This week’s song, which I’m pretty sure is a remix of the Europa Universalis III theme, is perhaps my favourite from EU4. There is war in the game, and there was war in this period in history – lots of it! – but there was also trade, culture, and splendour, and this song feels like an expression of the latter. Enjoy!
Besides Europa Universalis IV, I’m also playing Ni no Kuni, a PS3 RPG born from a collaboration between RPG developer Level-5 and legendary anime house Studio Ghibli. It is an utterly gorgeous game, and its music – composed by Ghibli regular Joe Hisaishi and the lesser-known Rei Kondoh – is just as effective at bringing the game’s fairy-tale world to life. Below, I’ve linked the world map theme — enjoy!
With Europa Universalis IV just a few days away, this week I present another song from John Adams, the HBO miniseries based on the career of the second president of the United States. “Leaving for Philadelphia” is a gentler, bittersweet-sounding version of the main theme, which I also encourage you to check out. Enjoy!
For this week, I present another classic video game theme – “Reign of the Septims”, aka the main theme of Oblivion. (Specifically, I present the version performed by the London Philharmonic Orchestra for the Greatest Video Game Music CD.) Personally, I think the Morrowind theme (“Call of Magic”) edges it out, but it remains a solid piece of music. Enjoy!
With a song named “Boss Battle”, you know exactly you are going to get, and this track from veteran Sakimoto (Final Fantasy Tactics, Valkyria Chronicles) doesn’t disappoint. Enjoy!
This week, I present one of the battle themes from last year’s indie hit FTL (my coverage here). It’s a catchy and cheerful song, which may just help counterbalance how sadistic the rest of the game can be! Enjoy.
This week’s song is one I haven’t heard in its original game – it’s the beautiful, mellow closing credits theme to the never-released-in-PAL Chrono Cross. Enjoy!
This week’s theme is one of the overworld tracks from Expeditions: Conquistador, a sort of alt-historical King’s Bounty in which players command a band of Spanish explorers/conquistadors in sixteenth-century Central America. It is a good game, and it owes some of that success to the atmosphere created by the music. Enjoy!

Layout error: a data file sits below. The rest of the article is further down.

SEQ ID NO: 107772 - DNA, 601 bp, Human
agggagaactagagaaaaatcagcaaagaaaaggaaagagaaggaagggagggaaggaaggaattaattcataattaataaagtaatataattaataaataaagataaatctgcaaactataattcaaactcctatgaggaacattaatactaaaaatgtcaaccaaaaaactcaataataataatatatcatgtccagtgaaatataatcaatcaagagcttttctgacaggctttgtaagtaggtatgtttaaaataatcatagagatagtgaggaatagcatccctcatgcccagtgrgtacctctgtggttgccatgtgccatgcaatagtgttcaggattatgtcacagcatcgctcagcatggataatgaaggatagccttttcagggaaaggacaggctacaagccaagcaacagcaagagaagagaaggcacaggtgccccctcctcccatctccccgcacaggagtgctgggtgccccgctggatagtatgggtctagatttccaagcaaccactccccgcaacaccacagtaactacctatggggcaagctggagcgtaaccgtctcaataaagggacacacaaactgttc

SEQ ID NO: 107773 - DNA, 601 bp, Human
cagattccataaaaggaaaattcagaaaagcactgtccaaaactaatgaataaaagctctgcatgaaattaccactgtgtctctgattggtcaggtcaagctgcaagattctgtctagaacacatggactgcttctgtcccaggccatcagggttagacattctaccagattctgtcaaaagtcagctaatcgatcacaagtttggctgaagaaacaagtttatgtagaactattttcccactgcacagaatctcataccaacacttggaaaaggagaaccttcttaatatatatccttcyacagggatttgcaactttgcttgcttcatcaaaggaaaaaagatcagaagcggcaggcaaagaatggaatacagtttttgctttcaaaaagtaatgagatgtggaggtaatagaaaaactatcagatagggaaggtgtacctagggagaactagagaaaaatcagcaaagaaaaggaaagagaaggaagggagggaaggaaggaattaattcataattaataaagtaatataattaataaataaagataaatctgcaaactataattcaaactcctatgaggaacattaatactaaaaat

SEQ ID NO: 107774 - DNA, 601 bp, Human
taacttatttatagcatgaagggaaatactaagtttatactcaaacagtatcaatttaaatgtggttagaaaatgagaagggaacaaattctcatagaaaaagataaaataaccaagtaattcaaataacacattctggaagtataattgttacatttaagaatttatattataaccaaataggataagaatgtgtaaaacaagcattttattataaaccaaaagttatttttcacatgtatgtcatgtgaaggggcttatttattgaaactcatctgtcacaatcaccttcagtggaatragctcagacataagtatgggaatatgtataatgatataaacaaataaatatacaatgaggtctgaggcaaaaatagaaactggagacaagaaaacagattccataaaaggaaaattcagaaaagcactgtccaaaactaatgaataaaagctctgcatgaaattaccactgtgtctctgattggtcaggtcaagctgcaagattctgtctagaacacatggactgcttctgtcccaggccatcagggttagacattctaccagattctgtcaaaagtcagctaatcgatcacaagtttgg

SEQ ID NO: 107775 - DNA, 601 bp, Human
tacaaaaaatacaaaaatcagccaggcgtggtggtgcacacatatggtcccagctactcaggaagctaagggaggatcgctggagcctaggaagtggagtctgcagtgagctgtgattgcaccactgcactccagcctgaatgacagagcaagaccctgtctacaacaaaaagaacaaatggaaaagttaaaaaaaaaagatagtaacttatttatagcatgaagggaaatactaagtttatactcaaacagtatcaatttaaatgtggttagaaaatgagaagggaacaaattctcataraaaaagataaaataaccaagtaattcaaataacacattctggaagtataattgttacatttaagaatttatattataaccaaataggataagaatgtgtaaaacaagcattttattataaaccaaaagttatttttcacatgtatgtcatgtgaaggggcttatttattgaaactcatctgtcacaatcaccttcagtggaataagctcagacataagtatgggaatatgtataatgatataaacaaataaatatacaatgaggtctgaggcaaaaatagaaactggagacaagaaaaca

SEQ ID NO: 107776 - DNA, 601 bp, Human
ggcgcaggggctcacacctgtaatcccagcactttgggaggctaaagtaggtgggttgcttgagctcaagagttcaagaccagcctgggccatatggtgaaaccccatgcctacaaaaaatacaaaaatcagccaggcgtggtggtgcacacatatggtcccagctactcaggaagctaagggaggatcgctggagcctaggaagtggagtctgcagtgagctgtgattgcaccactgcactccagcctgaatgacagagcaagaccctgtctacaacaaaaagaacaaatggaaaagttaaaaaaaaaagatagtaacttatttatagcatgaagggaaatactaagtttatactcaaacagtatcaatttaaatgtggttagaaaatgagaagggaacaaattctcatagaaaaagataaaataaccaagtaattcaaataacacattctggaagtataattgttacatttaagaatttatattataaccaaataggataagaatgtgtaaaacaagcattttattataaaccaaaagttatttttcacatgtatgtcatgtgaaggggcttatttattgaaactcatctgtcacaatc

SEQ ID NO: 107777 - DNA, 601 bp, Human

This week’s music is the lovely “Trilltrall”, as featured in the classic strategy game Dominions 3. Dom 3 is set in a world of myth and folklore, and its soundtrack — apparently comprising traditional Swedish folk songs, performed by the duo of Anna Rynefors and Erik Ask-Upmark — is the perfect match. Enjoy!
(Addendum: to my delight, I have discovered that the performers’ music, including this track, is available for purchase from Amazon and Google Play. As I type this, I am downloading my newly bought album…)
This week, I present you with an orchestral rendition of some of gaming’s most iconic music. While I am not the world’s #1 Zelda player — I only picked up Twilight Princess around six months ago! — Link to the Past was one of my favourite games growing up. So the Zelda music always brings up happy memories of exploring Hyrule, fighting guards, and ignoring the plot — I could never get past those boulder traps in the Eastern Palace, so instead I just played LttP as though it were proto-Skyrim. Enjoy!
Since the release of World War 2 grand strategy game Hearts of Iron II, almost a decade ago, Paradox Development Studio has always set its games to original music by Andreas Waldetoft. But the original Hearts of Iron relied on pre-existing music — for instance, Wagner’s “Ride of the Valkyries”, Mussorgsky’s “The Great Gate of Kiev”, and this week’s theme, Rodrigo’s “Adagio”. While lovely, “Adagio” is neither heroic, nor bold, nor martial at all. It is melancholy and regretful (according to Wikipedia, one of Rodrigo’s inspirations was grief at his wife’s miscarriage), and perhaps that makes it appropriate for accompanying a game about World War 2. Worth thinking about while you listen to the song.
Happy Queen’s Birthday to my fellow Aussies! This week’s song is actually a two-in-one medley created for the Distant Worlds orchestral concert, with both parts taken from a game I haven’t played, MMORPG Final Fantasy XI. I personally prefer the first half, a sweeping choral piece (“Memoro de la Stono”), as I find the lyrics in the second half (“Distant Worlds”) a little cheesy. However, the song remains excellent and well worth listening to. Enjoy!